Redeeming All Hallows Eve

Doorway to Eternity

     “If we are honest, we acknowledge that we are dying throughout our life, and this is what we learn if we are attentive: grace is found at the depths and in the death of everything.”         ~Fr. Richard Rohr

Few people realize that the ancient church’s All Hallows Eve (“Hallow-e’en”) and All Saints Day were intentionally focused on both harvest and death, not in mindless emulation of pagan traditions, but for healthy, meaningful reasons.

Harvest festivals celebrate the ingathering of fruits and grains. And yet, at the same time, all around the town are the now-dead crops that produced them. Sad? No. Because this means they’ve accomplished their purpose, borne their fruits, and now rest in the earth. It’s a healthy perspective, one of death as fulfillment, not fear, as a time of rest and, although it cannot yet be seen, of a coming resurrection in the spring.

People too complete their work, die, and rest in the earth, All Hallows Eve reminds us. And yet they too will be resurrected one day. Therefore, on All Saints Day, those who’ve completed their purpose in life are honored (the Latin world’s two-part Day of the Dead stems from this idea, as well). And for those whose souls are less secure, the predecessor to trick-or-treating emerged:

On All Hallows Eve, the poor, especially children, would knock on doors, offering to pray for the souls of the family’s dead, and would be rewarded with sweet, fruit-filled little “soul cakes.” One spiritual-minded baker even put holes in her soul cakes, making them into circles representing eternity (and in the process inventing doughnuts!).

So let us refuse to surrender All Hallows Eve to that dark, unhealthy fear of death as something evil, something to be feared. Richard Rohr was right: one of the best ways to celebrate life is to acknowledge death as a grace, as a rest, a passage. For without death, there is no completion of this life’s purpose, no resurrection to the life to come. But for those whose souls are truly at rest, death is not an end…

It’s a doorway.

About mitchteemley

Writer, Filmmaker, Humorist, Thinker-about-stuffer
This entry was posted in For Pastors and Teachers, Quips and Quotes, Religion/Faith and tagged , , , , , , . Bookmark the permalink.

37 Responses to Redeeming All Hallows Eve

  1. francisashis says:

    Very well stated,it is indeed God’s grace that people find time to rest after a few decades tireless work before a journey to eternity.Thank you very much .Take care .

    Liked by 3 people

  2. ejstoo says:

    Let us not forget: https://www.history.com/news/history-of-the-jack-o-lantern-irish-origins … lots of pagan things about most Christian holidays. We should acknowledge all aspects. The Jack ‘O Lantern has an Irish slant on it…and they were pagan at one time 🙂 Happy Halloween. The mask, by the way was made to also trick the evil spirts from taking over. Have a happy day 😉 Religion was always meant to comfort the believer not to drive us against each other.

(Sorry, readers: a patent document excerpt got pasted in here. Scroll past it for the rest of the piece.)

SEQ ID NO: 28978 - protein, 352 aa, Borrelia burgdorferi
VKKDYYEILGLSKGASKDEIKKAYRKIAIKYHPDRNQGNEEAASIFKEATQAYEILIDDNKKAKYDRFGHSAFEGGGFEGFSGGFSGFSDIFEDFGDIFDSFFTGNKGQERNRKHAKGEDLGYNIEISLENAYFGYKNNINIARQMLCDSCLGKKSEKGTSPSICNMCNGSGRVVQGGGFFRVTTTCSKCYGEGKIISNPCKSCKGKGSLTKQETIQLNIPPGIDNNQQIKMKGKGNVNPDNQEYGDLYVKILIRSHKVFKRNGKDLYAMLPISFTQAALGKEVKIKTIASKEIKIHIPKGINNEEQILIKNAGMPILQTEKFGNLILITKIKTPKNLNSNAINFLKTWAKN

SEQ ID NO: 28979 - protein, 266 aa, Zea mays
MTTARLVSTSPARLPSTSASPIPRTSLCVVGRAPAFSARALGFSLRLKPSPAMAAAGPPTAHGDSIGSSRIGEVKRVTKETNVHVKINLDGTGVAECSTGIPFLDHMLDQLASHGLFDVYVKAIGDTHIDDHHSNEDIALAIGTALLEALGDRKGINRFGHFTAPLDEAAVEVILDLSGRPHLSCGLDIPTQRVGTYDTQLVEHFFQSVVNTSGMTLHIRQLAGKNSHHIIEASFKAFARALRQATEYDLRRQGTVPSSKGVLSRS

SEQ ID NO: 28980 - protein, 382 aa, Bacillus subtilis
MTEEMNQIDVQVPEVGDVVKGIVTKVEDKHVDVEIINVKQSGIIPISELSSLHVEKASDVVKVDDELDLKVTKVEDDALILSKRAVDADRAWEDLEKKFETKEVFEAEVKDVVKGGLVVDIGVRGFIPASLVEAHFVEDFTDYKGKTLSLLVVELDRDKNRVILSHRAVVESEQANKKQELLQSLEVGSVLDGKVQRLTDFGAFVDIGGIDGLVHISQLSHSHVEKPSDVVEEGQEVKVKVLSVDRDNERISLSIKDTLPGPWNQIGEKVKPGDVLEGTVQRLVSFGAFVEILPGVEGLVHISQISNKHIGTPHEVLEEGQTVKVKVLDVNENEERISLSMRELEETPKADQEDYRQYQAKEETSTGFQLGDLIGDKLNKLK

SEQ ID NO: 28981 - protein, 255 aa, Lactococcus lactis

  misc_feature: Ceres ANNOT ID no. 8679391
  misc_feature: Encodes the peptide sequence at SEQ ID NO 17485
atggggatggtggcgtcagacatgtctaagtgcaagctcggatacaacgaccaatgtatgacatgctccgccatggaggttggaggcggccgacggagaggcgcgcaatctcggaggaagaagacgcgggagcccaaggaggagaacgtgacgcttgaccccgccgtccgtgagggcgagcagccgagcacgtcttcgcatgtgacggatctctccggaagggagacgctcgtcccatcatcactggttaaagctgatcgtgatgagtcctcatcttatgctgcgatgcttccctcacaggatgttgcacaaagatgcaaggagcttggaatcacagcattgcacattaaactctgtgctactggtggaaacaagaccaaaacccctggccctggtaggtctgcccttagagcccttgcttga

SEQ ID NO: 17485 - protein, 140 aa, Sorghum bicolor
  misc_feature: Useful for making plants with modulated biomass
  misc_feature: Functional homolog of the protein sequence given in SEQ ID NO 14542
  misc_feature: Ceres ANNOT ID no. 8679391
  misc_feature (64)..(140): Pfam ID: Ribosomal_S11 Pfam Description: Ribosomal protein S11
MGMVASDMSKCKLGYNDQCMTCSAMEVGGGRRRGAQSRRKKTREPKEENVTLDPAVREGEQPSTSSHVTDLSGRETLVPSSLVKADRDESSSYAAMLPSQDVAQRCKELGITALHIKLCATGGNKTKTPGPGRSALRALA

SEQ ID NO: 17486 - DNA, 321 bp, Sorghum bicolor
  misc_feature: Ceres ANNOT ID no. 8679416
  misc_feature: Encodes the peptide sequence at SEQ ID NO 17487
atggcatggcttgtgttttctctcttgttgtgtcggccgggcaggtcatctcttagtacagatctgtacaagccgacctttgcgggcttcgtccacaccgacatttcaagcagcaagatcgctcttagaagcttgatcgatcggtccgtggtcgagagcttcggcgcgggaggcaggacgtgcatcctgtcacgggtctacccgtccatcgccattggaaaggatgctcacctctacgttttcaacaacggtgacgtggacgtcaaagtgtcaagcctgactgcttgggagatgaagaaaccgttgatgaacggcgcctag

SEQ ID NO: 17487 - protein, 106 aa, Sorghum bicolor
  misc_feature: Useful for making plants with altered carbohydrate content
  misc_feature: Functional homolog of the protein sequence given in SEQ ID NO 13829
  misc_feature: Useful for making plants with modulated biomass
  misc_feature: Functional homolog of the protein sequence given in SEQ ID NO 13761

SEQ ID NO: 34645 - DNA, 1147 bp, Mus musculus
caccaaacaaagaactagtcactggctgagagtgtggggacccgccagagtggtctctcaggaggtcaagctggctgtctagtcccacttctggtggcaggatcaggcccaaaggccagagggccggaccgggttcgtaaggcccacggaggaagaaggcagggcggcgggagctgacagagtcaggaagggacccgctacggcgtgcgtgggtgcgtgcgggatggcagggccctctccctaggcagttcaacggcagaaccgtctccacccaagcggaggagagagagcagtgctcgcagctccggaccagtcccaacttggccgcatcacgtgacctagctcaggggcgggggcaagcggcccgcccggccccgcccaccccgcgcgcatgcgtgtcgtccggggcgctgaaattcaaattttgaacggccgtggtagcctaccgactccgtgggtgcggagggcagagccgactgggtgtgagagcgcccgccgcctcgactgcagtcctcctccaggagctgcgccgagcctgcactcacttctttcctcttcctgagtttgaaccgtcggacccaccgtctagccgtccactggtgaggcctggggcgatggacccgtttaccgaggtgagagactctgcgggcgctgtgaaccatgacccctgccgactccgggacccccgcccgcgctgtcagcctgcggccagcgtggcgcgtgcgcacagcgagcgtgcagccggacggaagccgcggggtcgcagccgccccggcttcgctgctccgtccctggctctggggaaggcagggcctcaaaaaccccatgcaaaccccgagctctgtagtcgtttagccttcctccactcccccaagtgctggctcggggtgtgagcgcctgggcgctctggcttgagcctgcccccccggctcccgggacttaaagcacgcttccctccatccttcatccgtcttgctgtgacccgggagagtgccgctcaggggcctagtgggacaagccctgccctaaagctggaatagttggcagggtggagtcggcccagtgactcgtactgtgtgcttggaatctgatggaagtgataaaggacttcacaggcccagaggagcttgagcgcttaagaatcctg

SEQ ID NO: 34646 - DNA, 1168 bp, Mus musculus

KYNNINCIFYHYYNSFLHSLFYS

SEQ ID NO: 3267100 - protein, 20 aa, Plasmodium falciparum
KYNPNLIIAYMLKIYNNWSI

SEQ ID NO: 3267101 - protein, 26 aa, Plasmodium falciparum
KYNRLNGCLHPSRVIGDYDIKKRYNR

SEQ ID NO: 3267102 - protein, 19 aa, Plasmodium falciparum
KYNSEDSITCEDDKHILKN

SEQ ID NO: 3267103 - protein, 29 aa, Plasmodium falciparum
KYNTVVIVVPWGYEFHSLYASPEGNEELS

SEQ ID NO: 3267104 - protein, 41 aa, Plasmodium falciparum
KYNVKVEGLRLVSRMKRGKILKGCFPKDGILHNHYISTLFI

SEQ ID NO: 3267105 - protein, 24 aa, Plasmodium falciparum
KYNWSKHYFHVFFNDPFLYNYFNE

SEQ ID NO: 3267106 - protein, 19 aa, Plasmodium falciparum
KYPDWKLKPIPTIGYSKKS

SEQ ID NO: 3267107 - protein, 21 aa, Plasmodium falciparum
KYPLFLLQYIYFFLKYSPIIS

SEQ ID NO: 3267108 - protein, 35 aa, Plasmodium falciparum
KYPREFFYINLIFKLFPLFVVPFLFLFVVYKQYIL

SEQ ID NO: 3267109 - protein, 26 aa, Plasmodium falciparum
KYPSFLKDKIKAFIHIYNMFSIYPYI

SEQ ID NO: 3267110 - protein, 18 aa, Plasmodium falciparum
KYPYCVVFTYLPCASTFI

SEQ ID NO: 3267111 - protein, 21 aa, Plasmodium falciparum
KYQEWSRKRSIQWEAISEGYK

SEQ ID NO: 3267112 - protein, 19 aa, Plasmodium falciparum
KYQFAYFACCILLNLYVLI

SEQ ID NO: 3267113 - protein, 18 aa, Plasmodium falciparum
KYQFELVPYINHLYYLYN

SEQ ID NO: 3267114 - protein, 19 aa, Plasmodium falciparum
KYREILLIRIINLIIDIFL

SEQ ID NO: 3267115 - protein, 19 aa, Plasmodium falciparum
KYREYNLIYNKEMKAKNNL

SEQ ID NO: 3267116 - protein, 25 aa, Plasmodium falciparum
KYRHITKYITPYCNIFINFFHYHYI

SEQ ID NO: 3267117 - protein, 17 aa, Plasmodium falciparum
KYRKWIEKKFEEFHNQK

Liked by 4 people

  3. Thank you for this reframing. We tend to have a very unhealthy relationship with death in our culture.

    Liked by 2 people

  4. Thank you for the great explanation, Mitch! So true! Best wishes, Michael

    Liked by 3 people

  5. Well said, Mitch. Death need not be feared if one has lived well. I pray that those who believe we only exist in this earthly life will find

    Liked by 1 person

  6. Wow, great post Mitch! I didn’t know any of that. And you also presented a great perspective. Halloween is not one of my favorite holidays. 🎃

    Liked by 2 people

  7. Love your post, Mitch. Informative and inspirational ❤

    Liked by 1 person

  8. Christi says:

    Great words, Mitch.
    Death, where is thy sting?

    Liked by 2 people

  9. I’ve not heard some of this history before. Thanks for sharing it and presenting another perspective.

    Liked by 2 people

  10. Norman Peterson says:

    Hello Mitch: I often wondered when this night changed from little kids in cowboy and angel costumes to horror, fear and demonic worship. I guess around the time a lot of us embraced existential closed universe philosophy and rejected the open universe of our Lord and Savior. Perhaps during my bohemian years segueing into the middle sixties? Thanks for the reminder Mitch.

    Liked by 1 person

  11. SelmaMartin says:

    We are living and hopefully doing our best to make the soil (earth) better because when we die — and we will, our seeds will take root in the same soil.
    And yes. Grace. Always grace.
    Thanks for sharing. Just lovely. xo

    Liked by 1 person

  12. susankgray says:

    Thank you for solving the mystery of doughnuts for me! Don’t forget to have a blessed All Saints Day tomorrow, as one of the saints, yourself. 🙂

    Please keep blessed!
    Your friend, Susan

    Liked by 1 person

  13. Pingback: Redeeming All Hallows Eve — shared from Mitch Teemley – Uncoffined

  14. Terrific post, Mitch.

    Liked by 1 person

  15. revruss1220 says:

    So true. So very true.

    Liked by 1 person

  16. Thanks, Mitch, for the mind / eye-opening, learned discourse (dare I say sermon?). More people need to be reminded that the (m)ad-men’s crass, avarice driven, HYPER-commercialization (to state this charitably and politely), waters down the spiritual side to All Hallows Eve, Christmas and Easter, not to mention defeating the true intent of Memorial – Independence – Labor – Veterans Days; and, in turn, dilutes the society that figuratively and literally buys into such adverts. If you ever grow weary of the director’s chair, the pulpit awaits.

    Liked by 1 person

  17. Abe Austin says:

    John 12:24 Verily, verily, I say unto you, Except a corn of wheat fall into the ground and die, it abideth alone: but if it die, it bringeth forth much fruit.

    Liked by 1 person

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